It’s very nearly time to start girding your loins and strapping on your seatbelts (optional) for Grand Theft Auto V, the upcoming entry in the series that has become a titan of open-world crime caper simulators, and which takes players back to the city of Los Santos (modeled after Los Angeles) that was first encountered back in 2004 as the setting of GTA: San Andreas.
GTA V will almost certainly be the last game in the series to be produced for the current generation of consoles (no PC release has yet been announced), though the developers have already said that it feels like a next-gen game. The size and scope of it, as well as the system for switching between three playable protagonists, is groundbreaking for the series and GTA V is a huge investment for Rockstar Games.
The Guardian has published a feature on GTA V based around a pretty fascinating interview with Rockstar co-founder and vice president of creativity Dan Houser, who is described as extremely talkative, energetic and – in his own words – “scattergun” in terms of his creative process.
GTA IV was a classic New York tale of an immigrant coming to America in search of a fresh start, a nice apartment and a decent job (not to mention plenty of bowling), only to be disillusioned by the amount of crime and poverty, and Rockstar has done a great deal of research in the interim years to ensure that GTA V will capture the spirit of Los Angeles. Houser, who is originally from London, took the team on research trips to LA for total of about 100 days and tried to learn as much as possible about it in order to recreate the city as Los Santos:
“LA is this embodiment of 20th-century American desires: the houses, the gardens, the tans, all slightly fake. It’s the end of the western world — the suns sets and then it’s tomorrow. But the industry is movies or, equally phoney, real estate. It’s people trying to escape their pasts and reinvent themselves. If GTA IV was a classic New York story, this is the endpoint of the American dream.”
GTA V features three protagonists, whom the player can choose to switch between at almost any time during gameplay. Michael is an ex-criminal attempting to life a quiet family life in retirement, thanks to a sweetheart deal with the FBI (think along the lines of Ray Winstone’s character in Sexy Beast). Trevor is his sleazy, short-tempered former partner who drags him back into the criminal underworld. Franklin is a younger friend of Michael’s who has scaled up from being a street gangster to being a scam artist.
The game was in development for four years, with a budget of $265 million, features approximately 100 hours of gameplay, and the script is over 1000 pages long. Though GTA IV eventually allowed players to explore Liberty City as different characters in The Ballad of Gay Tony and The Lost and Damned, GTA V is the first game in the series to feature multiple playable protagonists within the same game. Houser said that this approach opened up a lot of opportunities for the writing team:
“Having three protagonists allows us to create nuanced stories, not a set of archetypes. Rather than seeming like you’ve got this super-criminal who can do everything effortlessly, they’re all good and bad at different things.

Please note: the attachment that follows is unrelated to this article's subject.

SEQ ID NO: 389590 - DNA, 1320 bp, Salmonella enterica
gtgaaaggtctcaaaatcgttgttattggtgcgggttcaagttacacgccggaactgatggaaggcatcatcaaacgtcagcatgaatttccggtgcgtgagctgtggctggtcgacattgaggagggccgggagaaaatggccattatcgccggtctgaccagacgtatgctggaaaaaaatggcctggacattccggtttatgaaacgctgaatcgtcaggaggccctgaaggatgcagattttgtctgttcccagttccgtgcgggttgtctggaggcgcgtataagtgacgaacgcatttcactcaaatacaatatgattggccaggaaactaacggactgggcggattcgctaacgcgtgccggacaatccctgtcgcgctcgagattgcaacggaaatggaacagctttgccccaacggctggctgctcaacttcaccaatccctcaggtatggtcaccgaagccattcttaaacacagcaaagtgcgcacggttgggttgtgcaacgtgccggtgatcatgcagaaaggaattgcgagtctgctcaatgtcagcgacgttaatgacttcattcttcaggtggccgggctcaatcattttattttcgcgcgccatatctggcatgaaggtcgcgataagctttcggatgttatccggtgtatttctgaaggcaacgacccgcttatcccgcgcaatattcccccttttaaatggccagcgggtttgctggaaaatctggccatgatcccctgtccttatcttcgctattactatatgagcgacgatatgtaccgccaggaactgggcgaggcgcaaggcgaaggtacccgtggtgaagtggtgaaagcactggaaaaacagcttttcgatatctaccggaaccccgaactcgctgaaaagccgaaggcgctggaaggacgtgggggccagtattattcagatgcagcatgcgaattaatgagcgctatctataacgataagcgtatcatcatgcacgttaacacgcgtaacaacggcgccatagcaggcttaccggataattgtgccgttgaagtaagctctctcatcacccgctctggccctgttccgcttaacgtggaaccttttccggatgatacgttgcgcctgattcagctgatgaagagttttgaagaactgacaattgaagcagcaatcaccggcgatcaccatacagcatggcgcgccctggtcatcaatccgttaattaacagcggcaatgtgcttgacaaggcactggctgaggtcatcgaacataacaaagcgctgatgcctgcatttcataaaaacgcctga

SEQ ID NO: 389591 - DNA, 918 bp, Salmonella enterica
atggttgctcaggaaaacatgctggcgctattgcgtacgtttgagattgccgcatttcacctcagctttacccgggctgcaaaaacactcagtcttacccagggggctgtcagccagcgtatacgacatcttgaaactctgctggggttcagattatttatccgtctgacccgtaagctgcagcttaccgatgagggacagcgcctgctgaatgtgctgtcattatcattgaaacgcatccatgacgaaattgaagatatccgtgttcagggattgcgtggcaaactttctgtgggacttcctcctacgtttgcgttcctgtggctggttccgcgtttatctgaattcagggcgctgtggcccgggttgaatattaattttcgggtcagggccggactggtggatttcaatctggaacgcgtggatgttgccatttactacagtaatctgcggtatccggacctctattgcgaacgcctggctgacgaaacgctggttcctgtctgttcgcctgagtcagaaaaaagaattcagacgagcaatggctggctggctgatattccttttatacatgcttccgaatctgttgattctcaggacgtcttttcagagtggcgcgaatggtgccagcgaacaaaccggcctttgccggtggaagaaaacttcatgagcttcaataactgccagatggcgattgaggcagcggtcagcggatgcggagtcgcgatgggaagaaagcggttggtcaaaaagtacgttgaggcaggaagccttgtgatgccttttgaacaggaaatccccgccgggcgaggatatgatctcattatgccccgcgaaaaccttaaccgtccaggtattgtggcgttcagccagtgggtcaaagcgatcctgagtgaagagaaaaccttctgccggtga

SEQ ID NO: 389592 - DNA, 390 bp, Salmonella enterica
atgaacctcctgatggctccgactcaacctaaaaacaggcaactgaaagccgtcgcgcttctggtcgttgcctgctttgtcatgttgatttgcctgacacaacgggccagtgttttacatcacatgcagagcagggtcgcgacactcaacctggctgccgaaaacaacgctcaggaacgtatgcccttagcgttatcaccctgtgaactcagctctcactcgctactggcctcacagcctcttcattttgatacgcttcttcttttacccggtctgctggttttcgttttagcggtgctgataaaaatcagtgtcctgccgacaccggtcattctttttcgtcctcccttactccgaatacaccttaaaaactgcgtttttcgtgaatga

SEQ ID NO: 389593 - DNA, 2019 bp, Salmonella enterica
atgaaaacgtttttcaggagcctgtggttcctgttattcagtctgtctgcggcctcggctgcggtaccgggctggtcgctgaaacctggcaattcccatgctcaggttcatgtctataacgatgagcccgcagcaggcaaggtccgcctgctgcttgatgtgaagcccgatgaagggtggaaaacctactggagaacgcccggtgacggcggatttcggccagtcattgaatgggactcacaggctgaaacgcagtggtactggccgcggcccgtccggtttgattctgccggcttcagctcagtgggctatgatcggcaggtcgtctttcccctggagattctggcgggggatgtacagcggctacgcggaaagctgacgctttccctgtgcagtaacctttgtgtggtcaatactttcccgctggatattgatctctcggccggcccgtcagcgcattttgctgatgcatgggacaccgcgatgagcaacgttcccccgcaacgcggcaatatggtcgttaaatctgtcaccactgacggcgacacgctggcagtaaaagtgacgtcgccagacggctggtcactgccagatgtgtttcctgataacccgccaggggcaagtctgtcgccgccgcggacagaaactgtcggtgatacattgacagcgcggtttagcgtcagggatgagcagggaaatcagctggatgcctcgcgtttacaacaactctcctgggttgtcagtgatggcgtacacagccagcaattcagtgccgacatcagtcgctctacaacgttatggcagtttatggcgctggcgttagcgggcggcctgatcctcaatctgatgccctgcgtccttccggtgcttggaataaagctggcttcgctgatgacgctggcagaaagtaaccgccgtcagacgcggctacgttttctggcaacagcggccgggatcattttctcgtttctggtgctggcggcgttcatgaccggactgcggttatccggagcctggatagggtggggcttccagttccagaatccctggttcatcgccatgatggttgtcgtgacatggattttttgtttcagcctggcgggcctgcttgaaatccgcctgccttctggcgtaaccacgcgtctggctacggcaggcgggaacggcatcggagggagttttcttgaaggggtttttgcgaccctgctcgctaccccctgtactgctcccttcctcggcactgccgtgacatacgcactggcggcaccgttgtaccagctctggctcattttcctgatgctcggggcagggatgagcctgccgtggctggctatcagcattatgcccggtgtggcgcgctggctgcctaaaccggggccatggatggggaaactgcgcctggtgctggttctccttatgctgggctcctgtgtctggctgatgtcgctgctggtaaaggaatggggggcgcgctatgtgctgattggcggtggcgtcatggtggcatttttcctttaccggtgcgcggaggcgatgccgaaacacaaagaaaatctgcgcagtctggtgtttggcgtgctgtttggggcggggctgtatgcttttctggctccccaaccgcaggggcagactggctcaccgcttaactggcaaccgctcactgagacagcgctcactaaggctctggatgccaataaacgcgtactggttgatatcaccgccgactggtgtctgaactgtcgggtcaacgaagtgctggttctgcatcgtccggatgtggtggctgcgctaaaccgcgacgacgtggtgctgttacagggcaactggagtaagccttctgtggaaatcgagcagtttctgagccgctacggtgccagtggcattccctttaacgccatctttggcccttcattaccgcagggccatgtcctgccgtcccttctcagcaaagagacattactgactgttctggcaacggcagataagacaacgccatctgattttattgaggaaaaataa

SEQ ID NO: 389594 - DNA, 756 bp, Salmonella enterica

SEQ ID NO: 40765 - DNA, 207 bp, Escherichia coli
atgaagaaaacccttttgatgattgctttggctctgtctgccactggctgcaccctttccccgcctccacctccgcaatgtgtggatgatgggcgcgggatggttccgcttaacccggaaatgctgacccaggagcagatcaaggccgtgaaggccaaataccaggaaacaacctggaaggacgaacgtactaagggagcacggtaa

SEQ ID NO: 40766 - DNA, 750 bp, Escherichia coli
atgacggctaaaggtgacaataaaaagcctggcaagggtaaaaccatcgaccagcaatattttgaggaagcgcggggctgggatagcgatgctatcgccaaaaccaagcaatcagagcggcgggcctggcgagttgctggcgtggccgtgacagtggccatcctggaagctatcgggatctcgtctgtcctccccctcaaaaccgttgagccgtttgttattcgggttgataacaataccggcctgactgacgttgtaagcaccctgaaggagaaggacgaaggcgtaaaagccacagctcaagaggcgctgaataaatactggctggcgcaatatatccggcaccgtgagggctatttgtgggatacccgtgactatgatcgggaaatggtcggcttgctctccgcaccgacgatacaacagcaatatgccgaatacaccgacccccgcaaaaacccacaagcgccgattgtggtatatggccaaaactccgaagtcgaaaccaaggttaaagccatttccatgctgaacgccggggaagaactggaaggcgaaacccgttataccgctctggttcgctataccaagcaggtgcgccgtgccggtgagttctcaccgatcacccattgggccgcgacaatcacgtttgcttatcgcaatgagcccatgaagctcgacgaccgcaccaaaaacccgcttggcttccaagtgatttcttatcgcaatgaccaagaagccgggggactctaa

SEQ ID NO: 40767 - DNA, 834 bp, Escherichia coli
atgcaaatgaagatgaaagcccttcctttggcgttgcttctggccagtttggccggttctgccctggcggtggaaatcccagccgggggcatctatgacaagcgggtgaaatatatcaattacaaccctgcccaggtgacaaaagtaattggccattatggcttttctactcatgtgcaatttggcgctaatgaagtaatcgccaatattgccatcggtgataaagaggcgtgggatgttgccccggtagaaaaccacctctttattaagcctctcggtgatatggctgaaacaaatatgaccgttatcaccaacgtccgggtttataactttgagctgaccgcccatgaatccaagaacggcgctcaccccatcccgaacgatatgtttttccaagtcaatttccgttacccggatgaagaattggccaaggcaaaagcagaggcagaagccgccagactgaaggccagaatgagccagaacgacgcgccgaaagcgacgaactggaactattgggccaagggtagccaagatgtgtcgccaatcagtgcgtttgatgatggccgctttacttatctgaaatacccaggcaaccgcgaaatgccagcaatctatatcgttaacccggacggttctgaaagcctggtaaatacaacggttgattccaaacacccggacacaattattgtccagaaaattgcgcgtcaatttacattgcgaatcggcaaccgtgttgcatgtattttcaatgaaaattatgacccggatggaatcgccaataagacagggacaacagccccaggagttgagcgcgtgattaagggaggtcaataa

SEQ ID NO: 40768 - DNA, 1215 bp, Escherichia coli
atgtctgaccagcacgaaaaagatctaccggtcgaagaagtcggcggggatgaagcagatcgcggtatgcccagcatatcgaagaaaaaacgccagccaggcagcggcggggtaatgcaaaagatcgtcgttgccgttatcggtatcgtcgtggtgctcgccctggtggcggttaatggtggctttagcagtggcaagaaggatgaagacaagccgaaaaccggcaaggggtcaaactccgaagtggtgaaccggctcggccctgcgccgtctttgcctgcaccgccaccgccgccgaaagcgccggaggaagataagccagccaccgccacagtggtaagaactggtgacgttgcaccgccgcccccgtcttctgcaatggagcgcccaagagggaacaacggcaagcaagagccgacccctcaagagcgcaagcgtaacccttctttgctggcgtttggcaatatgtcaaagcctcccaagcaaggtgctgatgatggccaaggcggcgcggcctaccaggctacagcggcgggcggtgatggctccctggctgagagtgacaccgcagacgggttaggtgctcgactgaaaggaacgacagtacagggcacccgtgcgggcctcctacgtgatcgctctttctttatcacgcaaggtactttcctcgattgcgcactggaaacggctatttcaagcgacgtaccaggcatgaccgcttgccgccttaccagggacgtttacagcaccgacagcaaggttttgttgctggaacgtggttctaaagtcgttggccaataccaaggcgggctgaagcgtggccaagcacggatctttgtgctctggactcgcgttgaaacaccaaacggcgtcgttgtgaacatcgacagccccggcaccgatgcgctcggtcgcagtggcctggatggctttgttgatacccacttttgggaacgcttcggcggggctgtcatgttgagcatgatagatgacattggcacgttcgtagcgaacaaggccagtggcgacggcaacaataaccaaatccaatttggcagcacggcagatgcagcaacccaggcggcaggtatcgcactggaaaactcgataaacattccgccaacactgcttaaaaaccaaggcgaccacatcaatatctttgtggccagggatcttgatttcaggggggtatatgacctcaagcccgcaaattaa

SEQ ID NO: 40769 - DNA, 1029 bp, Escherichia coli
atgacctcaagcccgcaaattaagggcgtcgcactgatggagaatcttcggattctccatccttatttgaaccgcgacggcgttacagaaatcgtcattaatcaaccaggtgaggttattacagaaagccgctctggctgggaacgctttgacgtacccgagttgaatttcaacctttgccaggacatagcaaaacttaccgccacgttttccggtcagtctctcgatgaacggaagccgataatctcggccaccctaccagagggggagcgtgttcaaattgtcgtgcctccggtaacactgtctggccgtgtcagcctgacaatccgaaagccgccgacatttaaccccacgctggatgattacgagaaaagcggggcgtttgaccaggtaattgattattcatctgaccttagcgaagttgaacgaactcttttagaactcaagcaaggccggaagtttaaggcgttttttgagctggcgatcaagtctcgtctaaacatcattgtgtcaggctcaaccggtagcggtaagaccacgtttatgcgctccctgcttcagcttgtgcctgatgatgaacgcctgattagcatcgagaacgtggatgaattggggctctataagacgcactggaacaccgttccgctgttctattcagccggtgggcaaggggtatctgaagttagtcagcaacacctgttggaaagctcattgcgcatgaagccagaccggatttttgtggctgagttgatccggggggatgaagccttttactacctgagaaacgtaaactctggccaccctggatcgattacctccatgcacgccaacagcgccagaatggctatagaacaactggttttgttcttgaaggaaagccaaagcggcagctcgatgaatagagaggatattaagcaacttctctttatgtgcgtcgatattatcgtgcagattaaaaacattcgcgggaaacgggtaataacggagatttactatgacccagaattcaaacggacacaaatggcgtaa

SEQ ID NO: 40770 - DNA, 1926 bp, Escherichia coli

“We liked the idea of a protagonist retiring with a family, and how awful that would be. We’ve never done anything like that and you don’t really see it in games – to feed into these concepts of parenting and pseudo-parenting.”
Houser also briefly touched on the fact that none of the playable protagonists are female, a factor which some players have found to be a weak point in the GTA series compared to the heavily-customizable options available in Saints Row 4, saying simply that, “The concept of being masculine was so key to this story.” This could mean any number of things, from Michael’s attempt to live as a family man to the characters falling into crime as an effort to prove their masculinity. It might also have been interesting to explore themes of masculinity through the eyes of a female character as well (perhaps having to prove herself in the “man’s world” of the LA crime scene) but maybe the Rockstar writers just want to stick to what they know.
Finally, Houser was asked about the possibility of a GTA movie, which seems like a logical place to go given the current drive towards making successful video game movies and the elements of homage to classic crime thrillers and mafia movies in the GTA series. The developer’s feelings on the matter seemed to be that strapping GTA into a 2-hour Hollywood movie would be far too restrictive:
“We’ve been offered, many times, and it’s never appealed. The money’s never been close to be worth risking one’s crown jewels. Our small dabblings with Hollywood have always left us running back to games. The freedom we have to do what we want creatively is of enormous value. The second you go near Hollywood, people seem willing, or have been forced, to lose a lot of that control. That sort of amorphous ‘that won’t test well’ attitude is exactly how we don’t work. We’ve always tried to think of stuff that’s innovative and new, and to go into a world where that’s not encouraged would be horrible.”
It’s with good reason that GTA V is currently topping pre-order lists; a staggering amount of work has gone into the making of this game, and the end result will be bigger than any of the previous entries in the GTA series. Tell us in the comments if you think the biggest GTA game so far is also going to be the best.
Grand Theft Auto 5 releases on PS3 and Xbox 360 this September 17th.
Source: The Guardian